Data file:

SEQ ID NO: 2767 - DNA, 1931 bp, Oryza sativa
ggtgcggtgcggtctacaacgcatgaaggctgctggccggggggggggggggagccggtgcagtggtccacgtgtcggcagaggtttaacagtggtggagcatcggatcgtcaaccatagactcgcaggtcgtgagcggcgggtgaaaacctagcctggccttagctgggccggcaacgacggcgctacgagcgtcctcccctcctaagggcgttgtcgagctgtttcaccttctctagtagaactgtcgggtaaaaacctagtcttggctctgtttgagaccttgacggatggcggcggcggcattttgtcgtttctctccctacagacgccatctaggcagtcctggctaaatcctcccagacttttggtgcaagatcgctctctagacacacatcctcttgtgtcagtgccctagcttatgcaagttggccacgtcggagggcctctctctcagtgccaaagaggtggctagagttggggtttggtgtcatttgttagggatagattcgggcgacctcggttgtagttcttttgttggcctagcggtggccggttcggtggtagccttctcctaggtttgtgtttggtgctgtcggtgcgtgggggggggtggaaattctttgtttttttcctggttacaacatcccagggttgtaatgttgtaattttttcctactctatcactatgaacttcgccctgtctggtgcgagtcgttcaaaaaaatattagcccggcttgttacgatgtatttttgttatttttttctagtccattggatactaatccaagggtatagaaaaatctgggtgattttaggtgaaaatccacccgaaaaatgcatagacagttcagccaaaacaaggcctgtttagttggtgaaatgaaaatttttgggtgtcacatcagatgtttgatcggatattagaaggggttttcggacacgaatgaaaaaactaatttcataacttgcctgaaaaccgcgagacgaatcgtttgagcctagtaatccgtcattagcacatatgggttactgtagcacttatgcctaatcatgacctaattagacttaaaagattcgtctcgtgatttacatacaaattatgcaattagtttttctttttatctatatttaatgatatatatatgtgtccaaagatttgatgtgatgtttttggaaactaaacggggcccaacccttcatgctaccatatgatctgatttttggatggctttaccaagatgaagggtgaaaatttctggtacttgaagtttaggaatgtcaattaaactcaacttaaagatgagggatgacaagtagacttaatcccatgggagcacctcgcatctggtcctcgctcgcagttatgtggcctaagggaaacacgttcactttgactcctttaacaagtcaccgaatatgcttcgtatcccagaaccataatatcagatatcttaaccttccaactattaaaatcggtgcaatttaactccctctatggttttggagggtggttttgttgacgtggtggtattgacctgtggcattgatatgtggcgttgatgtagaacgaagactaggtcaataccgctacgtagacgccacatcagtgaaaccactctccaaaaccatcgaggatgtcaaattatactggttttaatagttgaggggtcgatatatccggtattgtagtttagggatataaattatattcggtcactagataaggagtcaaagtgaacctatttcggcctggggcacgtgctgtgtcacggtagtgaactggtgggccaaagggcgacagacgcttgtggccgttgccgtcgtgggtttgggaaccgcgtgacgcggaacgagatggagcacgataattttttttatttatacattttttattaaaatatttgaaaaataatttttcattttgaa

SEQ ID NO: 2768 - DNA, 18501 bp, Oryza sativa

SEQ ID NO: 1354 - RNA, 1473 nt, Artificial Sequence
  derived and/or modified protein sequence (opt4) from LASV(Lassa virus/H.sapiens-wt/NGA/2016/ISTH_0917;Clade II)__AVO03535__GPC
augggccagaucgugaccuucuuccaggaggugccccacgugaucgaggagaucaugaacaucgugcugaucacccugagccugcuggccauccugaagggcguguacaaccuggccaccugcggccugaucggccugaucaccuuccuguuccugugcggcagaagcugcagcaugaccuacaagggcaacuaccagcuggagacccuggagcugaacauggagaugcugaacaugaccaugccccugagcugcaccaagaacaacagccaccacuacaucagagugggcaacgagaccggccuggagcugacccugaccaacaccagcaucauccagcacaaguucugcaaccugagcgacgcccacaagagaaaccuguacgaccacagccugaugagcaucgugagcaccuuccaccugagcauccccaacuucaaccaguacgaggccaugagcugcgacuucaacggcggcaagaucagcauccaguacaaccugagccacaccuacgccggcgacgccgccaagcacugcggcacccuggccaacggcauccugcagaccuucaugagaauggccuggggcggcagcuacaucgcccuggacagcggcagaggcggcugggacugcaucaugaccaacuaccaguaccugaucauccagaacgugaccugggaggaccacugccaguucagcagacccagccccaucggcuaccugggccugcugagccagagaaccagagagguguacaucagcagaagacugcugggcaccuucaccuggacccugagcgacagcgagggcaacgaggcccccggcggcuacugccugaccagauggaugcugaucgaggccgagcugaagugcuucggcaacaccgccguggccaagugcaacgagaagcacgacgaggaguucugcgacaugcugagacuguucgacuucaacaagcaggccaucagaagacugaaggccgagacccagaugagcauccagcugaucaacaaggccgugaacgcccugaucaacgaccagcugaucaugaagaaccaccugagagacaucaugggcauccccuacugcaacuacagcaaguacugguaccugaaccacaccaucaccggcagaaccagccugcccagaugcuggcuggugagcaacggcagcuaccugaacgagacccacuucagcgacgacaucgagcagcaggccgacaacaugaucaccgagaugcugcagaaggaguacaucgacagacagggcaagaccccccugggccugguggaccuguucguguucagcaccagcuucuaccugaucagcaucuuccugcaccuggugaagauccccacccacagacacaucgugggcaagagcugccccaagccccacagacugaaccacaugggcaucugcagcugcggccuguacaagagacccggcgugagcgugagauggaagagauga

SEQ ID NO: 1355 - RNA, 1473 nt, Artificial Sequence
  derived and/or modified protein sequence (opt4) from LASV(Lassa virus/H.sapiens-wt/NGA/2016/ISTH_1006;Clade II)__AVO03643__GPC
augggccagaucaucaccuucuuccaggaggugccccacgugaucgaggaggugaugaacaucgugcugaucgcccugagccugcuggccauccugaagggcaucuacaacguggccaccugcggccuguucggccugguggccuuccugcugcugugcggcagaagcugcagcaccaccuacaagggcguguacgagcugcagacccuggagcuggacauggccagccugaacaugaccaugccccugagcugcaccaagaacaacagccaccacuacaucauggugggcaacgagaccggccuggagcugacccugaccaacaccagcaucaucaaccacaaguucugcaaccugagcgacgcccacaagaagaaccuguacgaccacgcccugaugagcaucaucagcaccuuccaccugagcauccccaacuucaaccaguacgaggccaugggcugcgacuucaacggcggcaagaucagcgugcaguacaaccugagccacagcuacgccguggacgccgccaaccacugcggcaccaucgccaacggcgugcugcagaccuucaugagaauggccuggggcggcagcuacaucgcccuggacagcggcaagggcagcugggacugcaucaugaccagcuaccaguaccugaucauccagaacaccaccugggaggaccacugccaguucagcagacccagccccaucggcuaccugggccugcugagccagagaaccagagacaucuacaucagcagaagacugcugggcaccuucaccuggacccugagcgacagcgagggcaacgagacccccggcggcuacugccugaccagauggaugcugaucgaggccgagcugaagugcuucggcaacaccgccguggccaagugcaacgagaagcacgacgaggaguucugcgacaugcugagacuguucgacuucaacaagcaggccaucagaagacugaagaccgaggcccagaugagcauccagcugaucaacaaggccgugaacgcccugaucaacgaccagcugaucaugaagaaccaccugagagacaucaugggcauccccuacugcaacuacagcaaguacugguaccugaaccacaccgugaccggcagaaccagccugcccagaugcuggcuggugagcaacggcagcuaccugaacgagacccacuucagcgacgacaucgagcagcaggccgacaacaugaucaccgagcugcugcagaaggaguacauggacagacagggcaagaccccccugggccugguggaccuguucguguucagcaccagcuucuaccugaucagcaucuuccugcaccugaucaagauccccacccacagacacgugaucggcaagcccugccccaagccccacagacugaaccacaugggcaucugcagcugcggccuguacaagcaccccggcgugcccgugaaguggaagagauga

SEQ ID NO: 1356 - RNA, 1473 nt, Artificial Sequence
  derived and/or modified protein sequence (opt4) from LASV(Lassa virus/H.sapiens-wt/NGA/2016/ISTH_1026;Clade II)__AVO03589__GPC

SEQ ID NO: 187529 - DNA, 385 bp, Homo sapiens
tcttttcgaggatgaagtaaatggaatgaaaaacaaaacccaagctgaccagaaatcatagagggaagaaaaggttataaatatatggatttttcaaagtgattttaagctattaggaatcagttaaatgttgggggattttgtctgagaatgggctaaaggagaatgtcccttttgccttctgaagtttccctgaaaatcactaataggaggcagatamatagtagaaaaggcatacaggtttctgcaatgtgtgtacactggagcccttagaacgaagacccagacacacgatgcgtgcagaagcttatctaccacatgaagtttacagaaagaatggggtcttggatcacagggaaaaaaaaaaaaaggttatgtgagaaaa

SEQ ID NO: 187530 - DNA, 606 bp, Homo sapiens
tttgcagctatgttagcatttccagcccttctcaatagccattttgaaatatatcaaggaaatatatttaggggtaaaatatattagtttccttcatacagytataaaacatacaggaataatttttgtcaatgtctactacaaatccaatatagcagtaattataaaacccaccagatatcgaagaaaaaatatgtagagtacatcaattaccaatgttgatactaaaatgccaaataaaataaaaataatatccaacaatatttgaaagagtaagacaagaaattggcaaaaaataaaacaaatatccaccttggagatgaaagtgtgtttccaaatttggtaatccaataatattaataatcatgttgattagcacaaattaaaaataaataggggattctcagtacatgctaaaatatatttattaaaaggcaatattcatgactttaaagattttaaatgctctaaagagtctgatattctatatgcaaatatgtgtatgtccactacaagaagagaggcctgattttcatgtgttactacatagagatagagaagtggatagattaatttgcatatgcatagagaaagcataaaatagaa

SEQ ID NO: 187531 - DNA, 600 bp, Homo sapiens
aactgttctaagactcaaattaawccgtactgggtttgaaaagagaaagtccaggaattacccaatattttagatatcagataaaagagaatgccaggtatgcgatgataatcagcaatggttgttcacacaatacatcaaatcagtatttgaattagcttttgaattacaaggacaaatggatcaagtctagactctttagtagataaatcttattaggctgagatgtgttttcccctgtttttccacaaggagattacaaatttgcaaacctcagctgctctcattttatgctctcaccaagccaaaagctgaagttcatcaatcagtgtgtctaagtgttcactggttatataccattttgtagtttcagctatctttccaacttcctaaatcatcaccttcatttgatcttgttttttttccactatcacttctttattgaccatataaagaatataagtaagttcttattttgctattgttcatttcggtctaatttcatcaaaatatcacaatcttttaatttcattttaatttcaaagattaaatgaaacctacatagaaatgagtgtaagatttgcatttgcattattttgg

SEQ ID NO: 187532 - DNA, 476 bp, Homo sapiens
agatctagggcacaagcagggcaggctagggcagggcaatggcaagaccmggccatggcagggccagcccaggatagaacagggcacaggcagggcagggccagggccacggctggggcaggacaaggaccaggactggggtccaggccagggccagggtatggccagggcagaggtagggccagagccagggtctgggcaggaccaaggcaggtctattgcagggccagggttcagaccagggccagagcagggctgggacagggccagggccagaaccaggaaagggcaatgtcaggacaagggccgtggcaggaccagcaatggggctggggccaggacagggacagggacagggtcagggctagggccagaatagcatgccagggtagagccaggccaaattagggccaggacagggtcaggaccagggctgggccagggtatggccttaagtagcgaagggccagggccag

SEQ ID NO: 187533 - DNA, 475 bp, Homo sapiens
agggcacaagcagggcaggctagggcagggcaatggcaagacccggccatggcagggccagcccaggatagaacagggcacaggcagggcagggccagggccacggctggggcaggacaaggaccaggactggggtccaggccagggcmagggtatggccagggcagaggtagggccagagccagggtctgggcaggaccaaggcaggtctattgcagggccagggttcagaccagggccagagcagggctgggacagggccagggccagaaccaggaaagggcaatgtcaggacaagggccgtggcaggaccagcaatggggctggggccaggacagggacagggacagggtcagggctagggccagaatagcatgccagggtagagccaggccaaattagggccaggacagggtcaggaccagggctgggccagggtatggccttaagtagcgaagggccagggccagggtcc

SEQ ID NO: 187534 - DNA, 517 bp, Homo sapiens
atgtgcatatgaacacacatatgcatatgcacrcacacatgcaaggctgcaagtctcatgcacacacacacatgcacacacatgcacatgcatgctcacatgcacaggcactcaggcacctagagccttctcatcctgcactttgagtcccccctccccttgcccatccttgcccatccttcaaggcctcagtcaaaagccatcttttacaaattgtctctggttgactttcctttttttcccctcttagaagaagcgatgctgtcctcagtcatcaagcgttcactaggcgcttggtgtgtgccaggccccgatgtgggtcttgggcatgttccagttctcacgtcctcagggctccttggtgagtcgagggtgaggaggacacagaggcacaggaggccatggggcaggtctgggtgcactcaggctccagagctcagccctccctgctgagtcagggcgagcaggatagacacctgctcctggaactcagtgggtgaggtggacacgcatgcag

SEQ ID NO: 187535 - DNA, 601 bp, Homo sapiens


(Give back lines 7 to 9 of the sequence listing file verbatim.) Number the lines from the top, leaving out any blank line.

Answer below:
SEQ ID NO: 1355 - RNA, 1473 nt, Artificial Sequence
  derived and/or modified protein sequence (opt4) from LASV(Lassa virus/H.sapiens-wt/NGA/2016/ISTH_1006;Clade II)__AVO03643__GPC
augggccagaucaucaccuucuuccaggaggugccccacgugaucgaggaggugaugaacaucgugcugaucgcccugagccugcuggccauccugaagggcaucuacaacguggccaccugcggccuguucggccugguggccuuccugcugcugugcggcagaagcugcagcaccaccuacaagggcguguacgagcugcagacccuggagcuggacauggccagccugaacaugaccaugccccugagcugcaccaagaacaacagccaccacuacaucauggugggcaacgagaccggccuggagcugacccugaccaacaccagcaucaucaaccacaaguucugcaaccugagcgacgcccacaagaagaaccuguacgaccacgcccugaugagcaucaucagcaccuuccaccugagcauccccaacuucaaccaguacgaggccaugggcugcgacuucaacggcggcaagaucagcgugcaguacaaccugagccacagcuacgccguggacgccgccaaccacugcggcaccaucgccaacggcgugcugcagaccuucaugagaauggccuggggcggcagcuacaucgcccuggacagcggcaagggcagcugggacugcaucaugaccagcuaccaguaccugaucauccagaacaccaccugggaggaccacugccaguucagcagacccagccccaucggcuaccugggccugcugagccagagaaccagagacaucuacaucagcagaagacugcugggcaccuucaccuggacccugagcgacagcgagggcaacgagacccccggcggcuacugccugaccagauggaugcugaucgaggccgagcugaagugcuucggcaacaccgccguggccaagugcaacgagaagcacgacgaggaguucugcgacaugcugagacuguucgacuucaacaagcaggccaucagaagacugaagaccgaggcccagaugagcauccagcugaucaacaaggccgugaacgcccugaucaacgaccagcugaucaugaagaaccaccugagagacaucaugggcauccccuacugcaacuacagcaaguacugguaccugaaccacaccgugaccggcagaaccagccugcccagaugcuggcuggugagcaacggcagcuaccugaacgagacccacuucagcgacgacaucgagcagcaggccgacaacaugaucaccgagcugcugcagaaggaguacauggacagacagggcaagaccccccugggccugguggaccuguucguguucagcaccagcuucuaccugaucagcaucuuccugcaccugaucaagauccccacccacagacacgugaucggcaagcccugccccaagccccacagacugaaccacaugggcaucugcagcugcggccuguacaagcaccccggcgugcccgugaaguggaagagauga